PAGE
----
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First thoughts: Hillary Meets the Press

From Chuck Todd, Mark Murray, and Domenico Montanaro
*** Hillary Meets the Press: Clinton's retool, it seems, is now complete after New Hampshire: She has become Hillary The Accessible. Yesterday, there she was canvassing with voters. Then she held a press avail. And more evidence of the more accessible Clinton? She's appearing on Meet the Press with Tim Russert this coming Sunday for the full hour -- the first time EVER she has agreed to sit down with Russert for the entire show. The program this Sunday will originate from Columbia, SC. Critics and cynics, of course, are probably thinking this: Why did it take so long? And why didn't she do it before Iowa, a state that demands accessibility? But New Hampshire delivered her a second chance, and she's trying to seize it.

*** Fred's not dead, baby… Fred's not dead -- but he does have his own chopper: In last night's GOP debate from South Carolina, Thompson was funny, biting, and energetic. It was easily his smoothest performance, but it wasn't necessarily presidential -- it was Jack Cafferty-esque or Paul Harvey-like. In short, he sounded like a smart (and cranky) pundit. By the way, Thompson did McCain a big favor by softening up Huckabee. Speaking of Huck, he was more on the defensive last night than any debate we can remember. It seemed like he was taking incoming from numerous candidates, particularly Thompson. He handled himself pretty well, but the message to conservatives was clear: He may be a social conservative, but he's no small-government economic conservative. (Then again, perhaps in this kind of economic climate, small-government conservatism isn't a winner…) Still, give Huckabee credit: He answered the criticisms with his usual wit and probably did well on the likeability front.


VIDEO: NBC's Political Director Chuck Todd offers his first read on Fred Thompson's performance in last night's GOP debate.

*** Mitt targets McCain: Romney did well early on, though there seemed to be an air of desperation in his answers. He quickly targeted McCain, the man standing in the way of victory in Michigan. Romney gave one of the best change rationales we've ever heard him give. Why did it take Romney nearly a year to become this guy? Meanwhile, McCain was fine -- a typical sober performance. But he needs a bit more energy; there wasn't the same fire as we saw in previous debates. Giuliani did better than he did at the last two debates. He was more involved, but it is interesting to watch the candidates and moderators ignore Rudy somewhat. And then there was Ron Paul. Why didn't Fox stick to its guns and keep him out? He was a distraction for a good portion of the debate and took away from the candidates who have a real shot at the nomination. Then again, we know what it's like to have our comment boards and email boxes flooded with upset Paul supporters.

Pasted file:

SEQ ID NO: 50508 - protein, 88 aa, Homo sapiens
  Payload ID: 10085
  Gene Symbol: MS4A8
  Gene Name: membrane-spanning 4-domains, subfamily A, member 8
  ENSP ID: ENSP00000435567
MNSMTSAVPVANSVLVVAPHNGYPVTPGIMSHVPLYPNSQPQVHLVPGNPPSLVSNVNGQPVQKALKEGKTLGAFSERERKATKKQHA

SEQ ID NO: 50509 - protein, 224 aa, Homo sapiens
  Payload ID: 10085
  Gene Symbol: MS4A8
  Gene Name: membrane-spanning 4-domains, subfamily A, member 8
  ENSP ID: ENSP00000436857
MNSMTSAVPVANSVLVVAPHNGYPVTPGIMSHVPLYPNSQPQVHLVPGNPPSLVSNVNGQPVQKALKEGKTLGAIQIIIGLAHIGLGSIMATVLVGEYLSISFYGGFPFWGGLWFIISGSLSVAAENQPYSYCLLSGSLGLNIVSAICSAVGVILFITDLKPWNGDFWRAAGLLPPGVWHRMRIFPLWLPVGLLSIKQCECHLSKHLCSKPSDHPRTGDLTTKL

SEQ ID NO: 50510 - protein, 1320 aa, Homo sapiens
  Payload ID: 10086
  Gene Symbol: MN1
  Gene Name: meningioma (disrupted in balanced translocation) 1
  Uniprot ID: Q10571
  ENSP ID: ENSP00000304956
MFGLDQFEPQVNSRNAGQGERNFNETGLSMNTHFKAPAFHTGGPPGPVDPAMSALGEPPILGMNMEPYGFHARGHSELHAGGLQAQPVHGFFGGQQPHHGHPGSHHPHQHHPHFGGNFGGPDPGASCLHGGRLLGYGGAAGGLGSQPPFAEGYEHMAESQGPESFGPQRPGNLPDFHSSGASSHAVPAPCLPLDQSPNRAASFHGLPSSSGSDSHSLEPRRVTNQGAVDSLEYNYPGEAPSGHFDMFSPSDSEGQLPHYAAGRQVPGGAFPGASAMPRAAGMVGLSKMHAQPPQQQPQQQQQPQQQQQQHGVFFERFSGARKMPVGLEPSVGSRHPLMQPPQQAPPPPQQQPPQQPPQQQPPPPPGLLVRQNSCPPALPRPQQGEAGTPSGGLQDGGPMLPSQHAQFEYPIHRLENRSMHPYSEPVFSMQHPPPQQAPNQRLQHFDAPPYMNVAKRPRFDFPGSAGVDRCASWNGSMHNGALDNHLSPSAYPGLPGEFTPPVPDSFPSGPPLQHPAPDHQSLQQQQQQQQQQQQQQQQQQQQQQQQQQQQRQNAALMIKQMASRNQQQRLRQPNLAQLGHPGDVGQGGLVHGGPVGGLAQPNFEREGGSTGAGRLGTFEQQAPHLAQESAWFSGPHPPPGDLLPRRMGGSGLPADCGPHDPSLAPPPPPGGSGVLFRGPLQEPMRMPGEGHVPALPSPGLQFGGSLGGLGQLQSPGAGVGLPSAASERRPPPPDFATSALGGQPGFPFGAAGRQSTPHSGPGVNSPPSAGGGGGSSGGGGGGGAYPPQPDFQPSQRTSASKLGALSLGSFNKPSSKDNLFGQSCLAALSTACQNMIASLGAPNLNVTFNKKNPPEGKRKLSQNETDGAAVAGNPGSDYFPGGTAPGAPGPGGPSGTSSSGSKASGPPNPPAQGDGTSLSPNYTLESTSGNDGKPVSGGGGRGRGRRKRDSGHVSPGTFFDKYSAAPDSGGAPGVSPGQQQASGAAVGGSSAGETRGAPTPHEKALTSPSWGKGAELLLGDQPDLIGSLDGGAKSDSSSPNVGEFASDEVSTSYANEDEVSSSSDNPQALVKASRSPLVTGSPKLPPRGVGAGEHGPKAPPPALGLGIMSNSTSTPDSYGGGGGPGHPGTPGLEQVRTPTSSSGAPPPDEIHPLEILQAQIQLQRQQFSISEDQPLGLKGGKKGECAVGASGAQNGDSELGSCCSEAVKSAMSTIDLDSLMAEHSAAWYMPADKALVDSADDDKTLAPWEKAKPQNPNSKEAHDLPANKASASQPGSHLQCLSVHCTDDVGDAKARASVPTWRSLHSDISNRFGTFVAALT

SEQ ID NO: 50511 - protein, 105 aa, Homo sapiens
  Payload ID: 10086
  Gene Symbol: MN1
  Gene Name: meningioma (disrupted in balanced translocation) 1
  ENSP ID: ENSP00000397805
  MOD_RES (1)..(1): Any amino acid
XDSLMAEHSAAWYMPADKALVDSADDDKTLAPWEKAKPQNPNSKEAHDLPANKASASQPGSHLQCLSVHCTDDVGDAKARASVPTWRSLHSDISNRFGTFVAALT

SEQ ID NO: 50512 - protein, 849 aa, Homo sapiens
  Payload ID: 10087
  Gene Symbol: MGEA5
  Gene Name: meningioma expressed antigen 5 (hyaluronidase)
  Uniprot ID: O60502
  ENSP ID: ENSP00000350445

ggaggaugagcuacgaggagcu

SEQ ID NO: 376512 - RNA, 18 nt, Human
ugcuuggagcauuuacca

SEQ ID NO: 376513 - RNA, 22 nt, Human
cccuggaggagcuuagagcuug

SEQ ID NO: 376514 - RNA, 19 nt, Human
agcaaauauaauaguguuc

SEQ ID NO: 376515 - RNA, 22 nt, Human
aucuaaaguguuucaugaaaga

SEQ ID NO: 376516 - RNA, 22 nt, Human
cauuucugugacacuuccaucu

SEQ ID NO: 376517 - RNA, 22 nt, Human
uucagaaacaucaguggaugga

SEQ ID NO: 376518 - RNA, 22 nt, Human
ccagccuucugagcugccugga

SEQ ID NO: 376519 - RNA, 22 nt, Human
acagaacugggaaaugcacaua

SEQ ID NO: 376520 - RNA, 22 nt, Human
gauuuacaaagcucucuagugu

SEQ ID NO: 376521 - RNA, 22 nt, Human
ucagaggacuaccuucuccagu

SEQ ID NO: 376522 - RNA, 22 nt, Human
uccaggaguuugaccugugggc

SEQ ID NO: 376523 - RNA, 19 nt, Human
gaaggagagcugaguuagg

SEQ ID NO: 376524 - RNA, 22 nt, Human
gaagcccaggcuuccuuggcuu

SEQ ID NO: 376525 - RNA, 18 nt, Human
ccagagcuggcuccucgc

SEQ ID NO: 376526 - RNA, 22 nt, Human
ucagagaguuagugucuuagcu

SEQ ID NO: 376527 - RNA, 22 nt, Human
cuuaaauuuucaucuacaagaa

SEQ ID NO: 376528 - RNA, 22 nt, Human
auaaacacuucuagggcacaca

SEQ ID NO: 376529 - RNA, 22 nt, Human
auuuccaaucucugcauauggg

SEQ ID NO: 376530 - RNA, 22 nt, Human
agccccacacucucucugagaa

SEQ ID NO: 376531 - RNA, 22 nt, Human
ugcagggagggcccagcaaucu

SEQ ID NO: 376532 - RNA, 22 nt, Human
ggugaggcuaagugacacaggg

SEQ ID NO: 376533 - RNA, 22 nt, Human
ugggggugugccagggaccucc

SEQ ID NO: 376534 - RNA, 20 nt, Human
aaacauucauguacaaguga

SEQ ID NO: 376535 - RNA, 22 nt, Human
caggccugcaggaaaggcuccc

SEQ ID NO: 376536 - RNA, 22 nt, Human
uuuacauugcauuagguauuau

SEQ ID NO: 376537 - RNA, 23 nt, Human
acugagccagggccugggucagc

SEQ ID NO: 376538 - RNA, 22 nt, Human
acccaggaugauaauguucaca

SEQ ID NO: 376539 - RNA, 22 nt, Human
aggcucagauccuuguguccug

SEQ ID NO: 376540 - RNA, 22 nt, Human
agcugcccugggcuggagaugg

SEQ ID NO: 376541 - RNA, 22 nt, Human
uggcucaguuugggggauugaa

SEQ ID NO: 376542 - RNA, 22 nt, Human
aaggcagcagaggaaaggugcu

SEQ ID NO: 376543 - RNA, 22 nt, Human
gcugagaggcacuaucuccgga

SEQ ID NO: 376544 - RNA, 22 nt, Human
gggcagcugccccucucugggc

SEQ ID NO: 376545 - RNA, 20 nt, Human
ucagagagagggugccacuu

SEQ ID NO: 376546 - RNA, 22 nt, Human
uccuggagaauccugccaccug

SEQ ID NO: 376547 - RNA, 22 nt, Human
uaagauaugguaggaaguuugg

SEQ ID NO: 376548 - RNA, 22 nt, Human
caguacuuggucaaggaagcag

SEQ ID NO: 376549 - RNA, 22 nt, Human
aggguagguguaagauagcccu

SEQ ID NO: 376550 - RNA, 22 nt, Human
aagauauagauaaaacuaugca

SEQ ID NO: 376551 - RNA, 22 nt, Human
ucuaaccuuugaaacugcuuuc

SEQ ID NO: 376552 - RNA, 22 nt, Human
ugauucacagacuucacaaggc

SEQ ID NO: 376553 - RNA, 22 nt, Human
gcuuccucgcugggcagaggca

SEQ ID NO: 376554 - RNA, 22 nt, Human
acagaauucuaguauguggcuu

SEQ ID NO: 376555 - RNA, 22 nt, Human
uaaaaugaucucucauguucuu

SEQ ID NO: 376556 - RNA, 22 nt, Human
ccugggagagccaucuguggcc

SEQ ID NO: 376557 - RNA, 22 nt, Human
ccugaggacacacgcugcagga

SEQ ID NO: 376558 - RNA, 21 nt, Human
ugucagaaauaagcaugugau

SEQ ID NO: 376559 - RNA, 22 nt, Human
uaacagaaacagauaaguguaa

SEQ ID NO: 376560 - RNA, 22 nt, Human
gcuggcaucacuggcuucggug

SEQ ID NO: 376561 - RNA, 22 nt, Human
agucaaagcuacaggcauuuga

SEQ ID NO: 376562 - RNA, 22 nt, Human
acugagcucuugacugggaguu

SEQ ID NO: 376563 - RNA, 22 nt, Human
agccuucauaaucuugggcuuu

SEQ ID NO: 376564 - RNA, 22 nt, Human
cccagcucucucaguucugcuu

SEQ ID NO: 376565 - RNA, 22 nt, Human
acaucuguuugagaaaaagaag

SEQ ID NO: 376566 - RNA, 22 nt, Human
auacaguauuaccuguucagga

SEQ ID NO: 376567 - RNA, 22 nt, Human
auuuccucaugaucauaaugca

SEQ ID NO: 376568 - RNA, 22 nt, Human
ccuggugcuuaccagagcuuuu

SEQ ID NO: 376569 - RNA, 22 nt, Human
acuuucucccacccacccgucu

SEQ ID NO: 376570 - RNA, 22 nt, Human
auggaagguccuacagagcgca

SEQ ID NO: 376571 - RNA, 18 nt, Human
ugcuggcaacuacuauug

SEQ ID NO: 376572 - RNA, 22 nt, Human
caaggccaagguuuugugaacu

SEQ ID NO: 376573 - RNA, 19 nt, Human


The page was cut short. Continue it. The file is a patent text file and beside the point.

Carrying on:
*** The GOP swings and misses on the economy: It also needs to be mentioned that the first 20 minutes of the debate was not good for the entire Republican Party. All of the candidates struggled on the economy -- an issue that is becoming more and more important as we head into November. Their answers may have been fine for a primary audience, but don't expect swing voters or indie voters to like what these guys said. They tried to sound in touch, but their collective hesitance for government involvement explains why voters tend to want Democrats in economic down times -- that's when folks look to government. The middle class doesn't like government involved when the economy is good.

*** Gloria Molina and Jim Clyburn: Get to know the name Gloria Molina. She is a Los Angeles County supervisor, and she had endorsed Bill Richardson. Now that Richardson is out of the race, First Read called her office yesterday to see if she had made up her mind if she would be backing Clinton or Obama, and her office replied that she's still mulling her options. How Molina goes could be a key sign of how other Richardson backers -- and the Latino vote in California in general -- could break. And also don't miss today's New York Times piece, which notes that Jim Clyburn -- the biggest Dem get in South Carolina -- is angry with some of the things the Clintons said in New Hampshire, particularly when they referenced MLK Jr. Is Clyburn leaning Obama's way? It wouldn't be a big issue for the Clintons to lose Clyburn's support to Obama. But if he endorses him and then also lectures the Clintons on their treatment of Obama, that would sting.
 
*** On the trail: Clinton is in California, where she gives a speech on the economy; Edwards is in South Carolina; Giuliani heads back to Florida; Huckabee and Hunter, and Kucinich are in Michigan; McCain campaigns in South Carolina; Obama, in Nevada, rallies with the Culinary Workers and later holds a town hall there; and Romney stumps in Michigan.

Countdown to Michigan: 4 days
Countdown to Nevada and SC GOP primary: 8 days
Countdown to SC Dem primary: 15 days
Countdown to Florida: 18 days
Countdown to Tsunami Tuesday: 25 days
Countdown to Election Day 2008: 298 days
Countdown to Inauguration Day 2009: 375 days

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